Communication, In the Emergency

Okay Guys,

Part of the rafting experience is the scenic riverside and views you see as you float down the water. The the pro and con of these scenic views is that you usually get to experience them because you are in an isolated part of the world. The pro side of this: It’s beautiful and you aren’t distracted from your rafting trip.  The con: you are isolated and if an emergency occurs, you can be seriously screwed.

I know this from personal experience. In early July while I was on the Nanny, I got my shoulder messed up on a customer trip. I later learn that I had torn my rotator cuff slightly. Of course I wasn’t able to guide the rest of the trip after that and we needed to get some help to guide my raft down the rest of the way and get me off river. The bad thing about this whole situation is that we had no way of contacting the outpost so they could send someone. Lucky for us the river ran along U.S. Route 74. One of the other guides were able to flag down a car so that we could use their cellphone. All of this could have been easily avoided if one of us had a walkie-talkie or a waterproof cellphone.  The customer group I had on this disastrous trip were the ones who pointed this out.

If a group of customers point this out, it does call for a bit of thought to be given on the subject.

For those of you who have smartphones you usually try to keep them away from water as much as possible. Well that is no longer a problem with awesome companies like LifeProof and Otterbox.  I personally now have a LifeProof for my iPhone. My main motivation to spend the money on this case is from the experience I discussed above.  I would definitely advise guides to invest in some for of communication like this. You don’t even have to have a smartphone. Many phone companies carry a waterproof “dumb” cellphone.  Granted, not everywhere will have cell service, but in today’s world that is becoming less and less of a problem.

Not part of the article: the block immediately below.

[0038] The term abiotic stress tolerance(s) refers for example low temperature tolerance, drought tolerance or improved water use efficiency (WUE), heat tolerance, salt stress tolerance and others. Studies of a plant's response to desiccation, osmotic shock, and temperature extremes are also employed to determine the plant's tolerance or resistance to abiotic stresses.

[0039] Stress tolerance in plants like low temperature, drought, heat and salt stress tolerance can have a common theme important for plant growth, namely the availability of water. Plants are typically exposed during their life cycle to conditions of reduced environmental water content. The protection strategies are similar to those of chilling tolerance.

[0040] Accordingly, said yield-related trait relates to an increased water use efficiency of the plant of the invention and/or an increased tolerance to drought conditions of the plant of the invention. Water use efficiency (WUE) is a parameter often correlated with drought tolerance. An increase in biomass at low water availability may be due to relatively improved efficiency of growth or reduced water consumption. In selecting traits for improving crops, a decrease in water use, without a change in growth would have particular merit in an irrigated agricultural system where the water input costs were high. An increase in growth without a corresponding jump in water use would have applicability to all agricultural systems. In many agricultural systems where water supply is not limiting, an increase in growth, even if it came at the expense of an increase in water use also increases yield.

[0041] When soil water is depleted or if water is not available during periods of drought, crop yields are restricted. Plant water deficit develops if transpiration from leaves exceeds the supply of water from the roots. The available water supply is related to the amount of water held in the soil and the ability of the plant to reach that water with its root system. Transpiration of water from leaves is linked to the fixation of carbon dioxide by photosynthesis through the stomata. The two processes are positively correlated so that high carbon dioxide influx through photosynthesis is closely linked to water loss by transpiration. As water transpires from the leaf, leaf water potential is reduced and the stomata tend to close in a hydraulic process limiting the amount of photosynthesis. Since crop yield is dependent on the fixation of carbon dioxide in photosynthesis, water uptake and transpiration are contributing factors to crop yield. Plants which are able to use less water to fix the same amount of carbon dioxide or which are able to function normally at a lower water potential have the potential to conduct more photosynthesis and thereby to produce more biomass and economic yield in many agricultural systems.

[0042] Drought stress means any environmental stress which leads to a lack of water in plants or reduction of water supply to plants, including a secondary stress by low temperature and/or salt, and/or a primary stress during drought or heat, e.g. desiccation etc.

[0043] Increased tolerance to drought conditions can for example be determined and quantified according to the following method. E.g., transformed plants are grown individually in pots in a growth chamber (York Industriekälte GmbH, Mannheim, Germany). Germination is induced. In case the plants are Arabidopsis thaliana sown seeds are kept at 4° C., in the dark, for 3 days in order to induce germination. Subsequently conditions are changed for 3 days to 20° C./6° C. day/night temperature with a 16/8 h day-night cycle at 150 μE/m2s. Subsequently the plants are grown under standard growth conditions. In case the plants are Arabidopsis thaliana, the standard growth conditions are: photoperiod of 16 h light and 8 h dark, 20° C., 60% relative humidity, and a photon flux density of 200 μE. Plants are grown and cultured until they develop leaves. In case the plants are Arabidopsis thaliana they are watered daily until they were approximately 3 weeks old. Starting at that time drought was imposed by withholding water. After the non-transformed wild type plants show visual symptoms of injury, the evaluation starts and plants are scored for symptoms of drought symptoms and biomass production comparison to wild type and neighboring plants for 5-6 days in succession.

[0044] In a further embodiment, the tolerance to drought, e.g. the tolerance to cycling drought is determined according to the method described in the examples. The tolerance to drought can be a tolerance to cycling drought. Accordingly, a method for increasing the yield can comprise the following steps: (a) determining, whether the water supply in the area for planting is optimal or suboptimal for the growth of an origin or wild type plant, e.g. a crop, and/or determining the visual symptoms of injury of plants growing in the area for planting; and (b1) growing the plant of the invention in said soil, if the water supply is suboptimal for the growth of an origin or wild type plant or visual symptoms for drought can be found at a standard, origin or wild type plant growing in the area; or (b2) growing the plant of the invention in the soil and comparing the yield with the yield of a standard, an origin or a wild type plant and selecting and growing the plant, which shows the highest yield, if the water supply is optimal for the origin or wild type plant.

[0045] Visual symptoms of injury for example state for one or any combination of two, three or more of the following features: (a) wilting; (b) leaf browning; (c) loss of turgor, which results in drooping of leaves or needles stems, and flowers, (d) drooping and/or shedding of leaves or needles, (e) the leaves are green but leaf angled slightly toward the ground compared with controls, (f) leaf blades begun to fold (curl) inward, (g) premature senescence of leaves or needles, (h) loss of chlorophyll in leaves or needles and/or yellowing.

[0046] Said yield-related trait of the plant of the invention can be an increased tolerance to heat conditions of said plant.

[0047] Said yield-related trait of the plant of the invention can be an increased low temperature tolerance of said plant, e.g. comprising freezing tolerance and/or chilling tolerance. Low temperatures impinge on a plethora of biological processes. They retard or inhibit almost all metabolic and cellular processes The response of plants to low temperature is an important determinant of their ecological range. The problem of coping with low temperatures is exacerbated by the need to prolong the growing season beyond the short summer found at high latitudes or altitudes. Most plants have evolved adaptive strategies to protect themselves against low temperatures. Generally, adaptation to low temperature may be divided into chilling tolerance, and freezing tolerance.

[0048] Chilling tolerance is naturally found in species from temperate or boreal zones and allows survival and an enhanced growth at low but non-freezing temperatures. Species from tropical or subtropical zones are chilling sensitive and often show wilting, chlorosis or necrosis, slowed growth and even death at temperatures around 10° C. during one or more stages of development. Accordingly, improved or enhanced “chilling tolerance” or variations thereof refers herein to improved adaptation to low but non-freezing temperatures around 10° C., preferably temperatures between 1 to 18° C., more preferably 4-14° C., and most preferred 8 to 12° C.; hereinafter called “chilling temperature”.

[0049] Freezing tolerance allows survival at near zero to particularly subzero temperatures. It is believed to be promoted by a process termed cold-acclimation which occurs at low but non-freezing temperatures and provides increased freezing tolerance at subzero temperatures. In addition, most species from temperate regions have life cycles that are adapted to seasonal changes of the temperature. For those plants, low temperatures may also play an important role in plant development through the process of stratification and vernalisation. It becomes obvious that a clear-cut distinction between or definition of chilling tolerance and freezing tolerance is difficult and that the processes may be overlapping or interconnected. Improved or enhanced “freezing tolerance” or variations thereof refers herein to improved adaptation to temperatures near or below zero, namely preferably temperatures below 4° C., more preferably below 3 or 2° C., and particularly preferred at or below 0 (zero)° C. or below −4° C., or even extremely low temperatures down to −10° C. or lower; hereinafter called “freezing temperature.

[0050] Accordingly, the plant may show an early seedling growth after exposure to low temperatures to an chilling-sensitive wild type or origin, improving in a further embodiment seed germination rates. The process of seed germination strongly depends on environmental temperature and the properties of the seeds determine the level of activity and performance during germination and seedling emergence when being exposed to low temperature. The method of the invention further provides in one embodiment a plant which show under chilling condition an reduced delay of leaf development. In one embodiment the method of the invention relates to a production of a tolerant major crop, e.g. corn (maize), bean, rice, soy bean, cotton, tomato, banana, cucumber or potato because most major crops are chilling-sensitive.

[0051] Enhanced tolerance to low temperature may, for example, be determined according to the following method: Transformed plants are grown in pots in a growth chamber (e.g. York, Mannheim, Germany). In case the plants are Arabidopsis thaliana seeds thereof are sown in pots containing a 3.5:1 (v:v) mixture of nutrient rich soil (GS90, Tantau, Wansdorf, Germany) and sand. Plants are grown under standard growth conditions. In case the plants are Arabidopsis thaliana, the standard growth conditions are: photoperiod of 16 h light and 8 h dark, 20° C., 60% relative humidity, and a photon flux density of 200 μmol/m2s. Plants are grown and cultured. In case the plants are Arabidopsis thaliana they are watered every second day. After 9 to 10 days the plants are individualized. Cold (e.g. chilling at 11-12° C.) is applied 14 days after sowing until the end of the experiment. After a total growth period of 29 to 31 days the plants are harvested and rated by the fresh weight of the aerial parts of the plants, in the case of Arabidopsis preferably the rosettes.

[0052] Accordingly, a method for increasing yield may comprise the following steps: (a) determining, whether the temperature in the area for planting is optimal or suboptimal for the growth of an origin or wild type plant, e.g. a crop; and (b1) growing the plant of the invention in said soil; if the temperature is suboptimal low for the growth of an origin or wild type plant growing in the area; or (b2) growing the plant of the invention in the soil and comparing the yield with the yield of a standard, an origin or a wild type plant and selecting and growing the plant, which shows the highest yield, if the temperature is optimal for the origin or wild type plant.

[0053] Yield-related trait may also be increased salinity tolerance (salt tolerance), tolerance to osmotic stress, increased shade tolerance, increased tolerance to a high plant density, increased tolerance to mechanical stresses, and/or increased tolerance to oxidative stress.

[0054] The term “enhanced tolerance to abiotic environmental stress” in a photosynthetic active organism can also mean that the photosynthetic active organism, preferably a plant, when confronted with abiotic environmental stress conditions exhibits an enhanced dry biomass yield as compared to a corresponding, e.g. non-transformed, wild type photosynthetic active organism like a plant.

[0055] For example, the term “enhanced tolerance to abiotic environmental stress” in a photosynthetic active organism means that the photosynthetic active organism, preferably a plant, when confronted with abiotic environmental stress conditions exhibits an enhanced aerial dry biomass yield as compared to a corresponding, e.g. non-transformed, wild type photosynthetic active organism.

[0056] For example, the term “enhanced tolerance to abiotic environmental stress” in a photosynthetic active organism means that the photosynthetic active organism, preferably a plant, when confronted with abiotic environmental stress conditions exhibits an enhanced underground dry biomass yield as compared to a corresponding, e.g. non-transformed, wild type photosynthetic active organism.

So, just a word of advice from one guide to another, always be prepared in anyway possible for random emergencies on the river.

Staph: Guides #1 Enemy

A lot of people think that the biggest problem for guides are the obstacles, like rocks and dangerous rapids, that they deal with on river. When in all actuality the most dangerous thing to any guide  is a teeny tiny  group of bacteria called Staphylococcus. Or as many know it commonly, Staph.  This little bugger can take down an entire company quicker than this economy.  With the forever damp conditions that many companies endure over the summer, staph thrives and it very hard to get rid of once you get it.

If there is ever and out break at your company, here’s what I would recommend you do:

  • Get the infected person to a hospital immediately so that they can get rid of it before it becomes life threatening.
  • Clean EVERYTHING.  Bleach what you can bleach, Lysol and rugs or mattresses you can’t wash, wash all clothing that you can in hot water and dry it.
  • Wipe down every surface that you can’t bleach with Lysol wipes or some type of bacteria killing cleaning solution.
  • Make sure that you’re company knows about the infection and cleans every single boat and any gear that may come in contact with the bacteria.
  • If you get any open wounds, even minor scrapes, clean them with rubbing alcohol immediately and keep it covered. You don’t want to run the risk of possibly getting infected yourself.

All of this will definitely help if anybody ever gets staph at your company. Plus, if you follow the last step even when there is no staph evident, then there will be even less likely of a chance of you have to deal with staph.

Good Luck!